Ancient Monuments

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Two cairns and a boundary bank forming part of a cairnfield 440m south-west of Raddick Hill summit

A Scheduled Monument in Walkhampton, Devon

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Latitude: 50.5194 / 50°31'9"N

Longitude: -4.0121 / 4°0'43"W

OS Eastings: 257455.18673

OS Northings: 70775.770037

OS Grid: SX574707

Mapcode National: GBR Q2.XM8C

Mapcode Global: FRA 27HP.DS9

Entry Name: Two cairns and a boundary bank forming part of a cairnfield 440m south-west of Raddick Hill summit

Scheduled Date: 4 November 1993

Source: Historic England

Source ID: 1007426

English Heritage Legacy ID: 22295

County: Devon

Civil Parish: Walkhampton

Traditional County: Devon

Lieutenancy Area (Ceremonial County): Devon


This monument includes two cairns and a boundary bank forming part of a
cairnfield on a gentle south-west facing slope of Raddick Hill overlooking the
valley of the River Meavy. The mounds are situated at either end of a 12m
long, 2m wide and 0.2m high rubble bank orientated east to west. Both mounds
measure 3m in diameter and stand up to 0.4m high.
This monument forms part of a wider cairnfield, comprising seventeen mounds,
two lengths of boundary bank and a lynchet.

The site of the monument is shown on the attached map extract.
It includes a 2 metre boundary around the archaeological features,
considered to be essential for the monument's support and preservation.

Source: Historic England

Reasons for Scheduling

Dartmoor is the largest expanse of open moorland in southern Britain and,
because of exceptional conditions of preservation, it is also one of the most
complete examples of an upland relict landscape in the whole country. The
great wealth and diversity of archaeological remains provide direct evidence
for human exploitation of the Moor from the early prehistoric period onwards.
The well-preserved and often visible relationship between settlement sites,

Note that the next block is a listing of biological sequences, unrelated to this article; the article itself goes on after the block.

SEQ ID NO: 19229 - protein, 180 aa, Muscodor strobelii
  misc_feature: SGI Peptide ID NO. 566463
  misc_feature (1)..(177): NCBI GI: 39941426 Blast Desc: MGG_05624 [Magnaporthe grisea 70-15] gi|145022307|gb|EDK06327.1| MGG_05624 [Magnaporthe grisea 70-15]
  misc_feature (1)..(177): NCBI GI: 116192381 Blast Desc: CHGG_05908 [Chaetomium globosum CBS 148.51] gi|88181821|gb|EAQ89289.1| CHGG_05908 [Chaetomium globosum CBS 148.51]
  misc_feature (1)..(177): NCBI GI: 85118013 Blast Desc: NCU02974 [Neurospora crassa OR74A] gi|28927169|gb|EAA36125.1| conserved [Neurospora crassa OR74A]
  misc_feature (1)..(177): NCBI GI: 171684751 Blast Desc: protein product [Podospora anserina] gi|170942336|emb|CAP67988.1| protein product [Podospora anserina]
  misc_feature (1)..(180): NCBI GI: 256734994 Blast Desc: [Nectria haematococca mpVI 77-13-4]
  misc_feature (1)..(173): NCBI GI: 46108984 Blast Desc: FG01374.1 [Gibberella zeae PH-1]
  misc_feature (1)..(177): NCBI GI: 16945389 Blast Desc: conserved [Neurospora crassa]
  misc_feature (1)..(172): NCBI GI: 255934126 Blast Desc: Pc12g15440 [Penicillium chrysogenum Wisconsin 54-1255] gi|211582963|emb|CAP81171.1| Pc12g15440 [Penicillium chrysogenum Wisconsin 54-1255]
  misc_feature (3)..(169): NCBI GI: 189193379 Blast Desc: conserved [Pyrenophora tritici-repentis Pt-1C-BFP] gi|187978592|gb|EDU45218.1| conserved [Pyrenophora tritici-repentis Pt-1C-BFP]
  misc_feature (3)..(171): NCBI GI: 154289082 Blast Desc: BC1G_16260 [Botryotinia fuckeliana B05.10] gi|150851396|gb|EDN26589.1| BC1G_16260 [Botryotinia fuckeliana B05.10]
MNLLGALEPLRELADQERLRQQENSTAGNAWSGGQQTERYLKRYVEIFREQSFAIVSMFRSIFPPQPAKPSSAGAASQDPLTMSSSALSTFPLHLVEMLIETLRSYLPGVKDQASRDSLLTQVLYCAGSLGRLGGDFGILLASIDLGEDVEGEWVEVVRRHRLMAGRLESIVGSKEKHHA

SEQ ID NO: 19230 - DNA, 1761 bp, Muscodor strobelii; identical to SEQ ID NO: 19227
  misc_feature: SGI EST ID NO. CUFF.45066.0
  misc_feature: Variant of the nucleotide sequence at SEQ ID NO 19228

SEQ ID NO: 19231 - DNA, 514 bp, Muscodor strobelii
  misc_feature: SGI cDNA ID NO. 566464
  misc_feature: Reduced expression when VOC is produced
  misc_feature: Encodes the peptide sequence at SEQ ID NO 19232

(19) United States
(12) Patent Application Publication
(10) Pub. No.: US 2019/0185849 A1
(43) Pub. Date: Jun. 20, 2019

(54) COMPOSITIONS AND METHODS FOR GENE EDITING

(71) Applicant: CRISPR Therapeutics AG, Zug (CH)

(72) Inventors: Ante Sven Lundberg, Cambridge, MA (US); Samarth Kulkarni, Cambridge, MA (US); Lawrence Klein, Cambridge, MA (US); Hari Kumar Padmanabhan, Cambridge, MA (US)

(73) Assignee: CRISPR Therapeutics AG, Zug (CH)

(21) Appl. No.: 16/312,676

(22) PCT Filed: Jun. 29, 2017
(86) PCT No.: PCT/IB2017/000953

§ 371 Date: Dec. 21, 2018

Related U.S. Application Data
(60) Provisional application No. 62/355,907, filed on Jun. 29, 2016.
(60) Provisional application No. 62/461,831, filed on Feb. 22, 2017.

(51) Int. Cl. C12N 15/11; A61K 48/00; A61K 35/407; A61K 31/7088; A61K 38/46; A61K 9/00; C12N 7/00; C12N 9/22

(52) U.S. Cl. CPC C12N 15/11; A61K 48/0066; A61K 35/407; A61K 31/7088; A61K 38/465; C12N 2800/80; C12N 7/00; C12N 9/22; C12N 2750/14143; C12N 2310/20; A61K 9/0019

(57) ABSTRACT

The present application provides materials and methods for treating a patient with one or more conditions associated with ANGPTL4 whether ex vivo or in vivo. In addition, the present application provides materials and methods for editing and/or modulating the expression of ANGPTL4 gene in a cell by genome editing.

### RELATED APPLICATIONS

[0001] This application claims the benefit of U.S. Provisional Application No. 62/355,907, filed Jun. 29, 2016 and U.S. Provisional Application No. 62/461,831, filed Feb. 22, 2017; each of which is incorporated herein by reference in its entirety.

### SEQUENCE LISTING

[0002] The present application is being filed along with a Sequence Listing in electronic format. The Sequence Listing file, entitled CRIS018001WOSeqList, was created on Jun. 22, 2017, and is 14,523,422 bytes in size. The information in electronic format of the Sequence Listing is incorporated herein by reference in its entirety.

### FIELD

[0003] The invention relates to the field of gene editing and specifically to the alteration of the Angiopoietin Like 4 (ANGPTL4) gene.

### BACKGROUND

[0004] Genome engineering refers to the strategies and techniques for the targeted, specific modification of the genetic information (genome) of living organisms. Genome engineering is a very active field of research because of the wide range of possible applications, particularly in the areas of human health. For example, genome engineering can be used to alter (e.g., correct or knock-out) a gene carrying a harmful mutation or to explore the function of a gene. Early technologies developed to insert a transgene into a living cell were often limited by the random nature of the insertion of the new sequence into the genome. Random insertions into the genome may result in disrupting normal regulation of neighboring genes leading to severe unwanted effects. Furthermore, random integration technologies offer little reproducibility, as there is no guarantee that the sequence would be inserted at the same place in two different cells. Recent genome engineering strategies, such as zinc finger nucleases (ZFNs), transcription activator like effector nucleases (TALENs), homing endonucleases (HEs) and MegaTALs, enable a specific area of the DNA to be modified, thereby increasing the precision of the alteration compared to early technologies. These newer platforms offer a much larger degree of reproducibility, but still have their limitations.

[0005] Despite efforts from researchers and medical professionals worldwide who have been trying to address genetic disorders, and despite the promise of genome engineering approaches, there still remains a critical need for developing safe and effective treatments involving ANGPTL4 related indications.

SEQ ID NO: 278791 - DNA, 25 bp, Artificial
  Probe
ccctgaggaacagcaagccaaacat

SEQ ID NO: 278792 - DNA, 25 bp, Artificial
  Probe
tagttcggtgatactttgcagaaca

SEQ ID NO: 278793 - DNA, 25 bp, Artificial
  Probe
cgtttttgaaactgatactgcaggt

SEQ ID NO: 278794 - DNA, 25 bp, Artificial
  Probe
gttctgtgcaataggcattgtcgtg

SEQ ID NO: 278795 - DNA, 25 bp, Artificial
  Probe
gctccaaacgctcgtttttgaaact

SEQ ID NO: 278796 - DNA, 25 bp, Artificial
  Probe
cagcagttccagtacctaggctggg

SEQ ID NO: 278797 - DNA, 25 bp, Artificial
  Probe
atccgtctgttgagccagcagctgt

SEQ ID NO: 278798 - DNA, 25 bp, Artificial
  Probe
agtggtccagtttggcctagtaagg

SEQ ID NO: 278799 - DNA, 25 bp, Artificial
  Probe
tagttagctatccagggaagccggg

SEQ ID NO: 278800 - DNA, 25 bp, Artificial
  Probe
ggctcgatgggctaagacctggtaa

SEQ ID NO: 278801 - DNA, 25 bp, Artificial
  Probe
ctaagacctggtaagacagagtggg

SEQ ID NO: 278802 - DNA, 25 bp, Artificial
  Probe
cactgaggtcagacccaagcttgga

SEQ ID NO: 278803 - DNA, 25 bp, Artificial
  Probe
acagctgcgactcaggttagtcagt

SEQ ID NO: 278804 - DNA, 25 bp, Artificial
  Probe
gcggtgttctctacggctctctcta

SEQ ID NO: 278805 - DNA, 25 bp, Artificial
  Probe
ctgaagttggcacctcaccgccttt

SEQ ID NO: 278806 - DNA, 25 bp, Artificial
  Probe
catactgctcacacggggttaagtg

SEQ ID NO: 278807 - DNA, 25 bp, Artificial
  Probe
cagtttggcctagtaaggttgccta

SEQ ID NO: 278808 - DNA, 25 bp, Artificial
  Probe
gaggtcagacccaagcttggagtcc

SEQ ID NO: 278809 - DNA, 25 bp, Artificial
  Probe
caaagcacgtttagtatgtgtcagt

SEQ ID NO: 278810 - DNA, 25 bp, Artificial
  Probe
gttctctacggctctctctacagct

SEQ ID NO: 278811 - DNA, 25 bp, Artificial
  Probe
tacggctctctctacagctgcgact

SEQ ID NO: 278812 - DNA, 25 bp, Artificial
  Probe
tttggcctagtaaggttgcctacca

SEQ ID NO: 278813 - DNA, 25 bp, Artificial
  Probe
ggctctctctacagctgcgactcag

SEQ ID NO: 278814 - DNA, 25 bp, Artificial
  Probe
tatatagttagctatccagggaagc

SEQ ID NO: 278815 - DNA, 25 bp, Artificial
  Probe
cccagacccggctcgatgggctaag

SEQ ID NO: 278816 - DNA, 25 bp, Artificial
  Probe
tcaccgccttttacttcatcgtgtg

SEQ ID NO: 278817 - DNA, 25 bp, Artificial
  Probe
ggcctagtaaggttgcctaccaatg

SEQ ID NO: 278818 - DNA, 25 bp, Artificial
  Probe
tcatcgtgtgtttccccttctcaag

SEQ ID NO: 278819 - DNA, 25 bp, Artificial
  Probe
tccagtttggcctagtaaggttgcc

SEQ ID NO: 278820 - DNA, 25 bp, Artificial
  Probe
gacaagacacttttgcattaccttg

land boundaries, trackways, ceremonial and funerary monuments as well as later
industrial remains, gives significant insights into successive changes in the
pattern of land use through time. Cairnfields are concentrations of three or
more cairns sited within close proximity to one another; they may consist of
burial cairns or cairns built with stone cleared from the land surface
(clearance cairns). Round funerary cairns were constructed during the Bronze
Age (c.2000-700 BC) and consisted of earthen or rubble mounds, sometimes
ditched, which covered single or multiple burials. Often occupying prominent
locations, they are a major visual element in the modern landscape. The
considerable variation in the size of cairnfields and their longevity as a
monument type provide important information on the diversity of beliefs and
social organisation amongst early prehistoric communities. They are
particularly representative of their period and a substantial proportion of
surviving examples are considered worthy of protection.

The cairnfield on the south-west slopes of Raddick Hill survives well as an
example of Bronze Age fields defined by the cairns which resulted from field
clearance. Such examples are rare and provide a valuable insight into Bronze
Age agricultural activity.

Source: Historic England


Devon County Sites and Monuments Register, SX57SE85,
Raymond, F, Single Monument Class Description - Cairnfields, (1987)

Source: Historic England

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